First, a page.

Stock indices ended the week mixed with developed foreign stocks posting modest gains and modest losses in the Dow Jones 30 Industrials.
Stocks sold off Wednesday on weaker housing starts and the Federal Reserve’s April meeting minutes indicating that some FED officials want to discuss a plan to taper bond purchases in future meetings. While Federal Reserve Chairman, Jerome Powell, has repeatedly said that the FED is “not thinking about thinking about” removing support for the economy, such as tapering bond purchases, it is now clear that some at the FED think it is time to have that discussion. This does not mean that the taper of bond purchases will start any time soon or that there will be a hike in short term rates in the near future.
So far 21 states have decided to end the extra $300 per week in unemployment benefits prior to the expiration after September. Michigan is not one of them but is reinstating a requirement that recipients show they are searching for jobs.
This week China pledged to crack down on crypto currency miners and traders both because of the electricity usage to create it and the systemic risks posed by a volatile investment product authorities can’t control. The majority of crypto mining occurs in China and uses high power computer processing to solve complex calculations and “mine” the currency. China is considered to have the largest share of crypto mining and is concerned about its effect on power consumption as China wrestles with reducing its carbon emissions. It remains to be seen whether other countries will follow suit. As much criminal activity is conducted via cryptocurrency, which is hard for governments to trace, it may only be a matter of time.
Oil prices fell as news that the U.S. and Iran are nearing completion on an agreement to restart the Iran nuclear deal.
Treasury yields fell with the 30-year bond yield closing at 2.321% and the 10-Year note closing at 1.614%. Crude oil fell to $63.87 a barrel and natural gas fell to $2.904 per MMBTUs. The U.S. dollar index fell to 90.03 and gold rose to $1882.80 an ounce.
In the economic numbers this week:
- China reported:
- Industrial production was up 9.8% in April from a year earlier, down from 14.1% year over year in March.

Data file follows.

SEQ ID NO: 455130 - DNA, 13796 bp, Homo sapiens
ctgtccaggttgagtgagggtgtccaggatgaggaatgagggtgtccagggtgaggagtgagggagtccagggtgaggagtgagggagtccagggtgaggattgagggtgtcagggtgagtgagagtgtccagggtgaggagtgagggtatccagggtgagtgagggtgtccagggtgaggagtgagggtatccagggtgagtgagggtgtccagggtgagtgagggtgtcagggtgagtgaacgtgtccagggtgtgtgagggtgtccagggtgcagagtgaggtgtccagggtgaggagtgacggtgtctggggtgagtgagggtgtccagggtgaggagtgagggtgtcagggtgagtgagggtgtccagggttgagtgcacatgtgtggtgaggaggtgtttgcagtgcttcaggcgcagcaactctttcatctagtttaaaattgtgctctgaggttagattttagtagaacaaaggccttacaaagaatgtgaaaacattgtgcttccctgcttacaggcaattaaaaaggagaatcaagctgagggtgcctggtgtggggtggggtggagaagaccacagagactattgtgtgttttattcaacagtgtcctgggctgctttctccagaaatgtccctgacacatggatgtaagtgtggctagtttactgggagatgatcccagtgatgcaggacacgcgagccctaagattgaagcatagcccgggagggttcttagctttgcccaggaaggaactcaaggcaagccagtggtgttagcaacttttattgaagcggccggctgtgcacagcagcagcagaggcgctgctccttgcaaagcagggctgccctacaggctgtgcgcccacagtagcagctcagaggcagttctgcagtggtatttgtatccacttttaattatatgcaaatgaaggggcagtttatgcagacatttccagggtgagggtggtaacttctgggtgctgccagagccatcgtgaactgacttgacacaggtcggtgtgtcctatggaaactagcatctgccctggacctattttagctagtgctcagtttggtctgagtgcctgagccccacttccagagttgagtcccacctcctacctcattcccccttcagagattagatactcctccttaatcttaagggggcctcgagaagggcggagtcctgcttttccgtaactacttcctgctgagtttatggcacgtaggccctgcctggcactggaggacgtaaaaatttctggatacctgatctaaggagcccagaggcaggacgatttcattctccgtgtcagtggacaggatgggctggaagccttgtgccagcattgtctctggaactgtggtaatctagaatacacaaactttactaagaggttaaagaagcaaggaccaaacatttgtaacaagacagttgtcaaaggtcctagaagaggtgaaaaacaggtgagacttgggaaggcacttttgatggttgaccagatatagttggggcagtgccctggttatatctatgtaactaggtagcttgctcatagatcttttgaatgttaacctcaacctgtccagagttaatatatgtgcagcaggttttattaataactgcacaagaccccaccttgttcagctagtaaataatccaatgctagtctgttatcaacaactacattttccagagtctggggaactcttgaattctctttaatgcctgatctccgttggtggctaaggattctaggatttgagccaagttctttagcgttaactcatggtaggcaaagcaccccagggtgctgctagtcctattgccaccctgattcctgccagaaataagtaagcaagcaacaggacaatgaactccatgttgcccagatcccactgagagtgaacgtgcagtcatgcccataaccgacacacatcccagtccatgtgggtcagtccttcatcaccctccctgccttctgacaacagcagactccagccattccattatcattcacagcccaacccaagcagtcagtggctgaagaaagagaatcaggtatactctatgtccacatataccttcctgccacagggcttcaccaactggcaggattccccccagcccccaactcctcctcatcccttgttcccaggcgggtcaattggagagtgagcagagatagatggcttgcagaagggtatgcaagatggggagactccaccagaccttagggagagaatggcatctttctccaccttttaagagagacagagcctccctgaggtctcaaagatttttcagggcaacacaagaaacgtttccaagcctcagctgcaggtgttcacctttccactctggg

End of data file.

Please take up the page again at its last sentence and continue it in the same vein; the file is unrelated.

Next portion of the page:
- Retail sales were up 19.9% in April from a year earlier, down from 34.2% year over year in March.
- Fixed asset investment, in the first four months of the year, was up 19.9% from the same period last year.
- Japan’s gross domestic product shrank at a 5.1% annualized rate in the first quarter of 2021, after posting growth in the second half of 2020. A resurgence of Covid-19 was blamed for the contraction.
- The National Association of Realtors reported:
- Existing home sales fell 2.7% in the month of April, the third monthly decline due to a shortage of existing homes and a price surge. However, existing home sales were up 33.9% from a year earlier.
- The median price for an existing home sale was up 19.1% from a year earlier due to low supply.
- The Commerce Department reported:
- Housing starts fell 9.5% in April. The decline was attributed to supply chain constraints and higher materials costs.
- Permits, an indicator of future housing starts, rose 5% in April.
- The Labor Department reported:
- A seasonally adjusted 444,000 workers filed initial claims for unemployment in the week ending May 15th down from a revised 475,000 the week before.
- The 4-week moving average, designed to smooth out volatility, fell to 505,000.
- Continuing claims rose from 3.7MM to 3.8MM in the week ending May 8st.
- A broader measure of claims including extended benefits, pandemic assistance and other programs fell from 16.9MM to 16.0MM in the week ending May 1st.
- For the full unemployment report go here: https://www.dol.gov/ui/data.pdf .
- The EIA weekly oil report is here: http://ir.eia.gov/wpsr/wpsrsummary.pdf . Also, the EIA reported in the prior week:
- Field production of crude was unchanged at 11.0MM BPD.
- Natural gas storage rose 71BN cubic feet and is below the average level at this time of year during the past five years.
- Baker Hughes reported the number of active oil rigs rose 4 to 356. The number of active natural gas rigs fell 1 to 99.
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Loren C. Rex, CFP®, MA Erik A Smith AIF®
President Managing Partner
Generations Financial Planning & Wealth Management 269-441-4143
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Battle Creek, MI 49017
Carrie Fuce, Assistant 269-441-4091
Toll Free: 800-513-8180
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Registered Representative of and securities offered through Cambridge Investment Research, Inc., a Broker/Dealer, Member FINRA/SIPC. Investment Advisor Representative, Cambridge Investment Research Advisors, Inc., a Registered Investment Advisor. Cambridge and Generations Financial Planning & Wealth Management are separate companies and are not affiliated.
These are the opinions of Loren Rex and Erik Smith and are not necessarily those of Cambridge, are for informational purposes only, and should not be construed or acted upon as individualized investment advice. The Indices mentioned are unmanaged and cannot be invested into directly.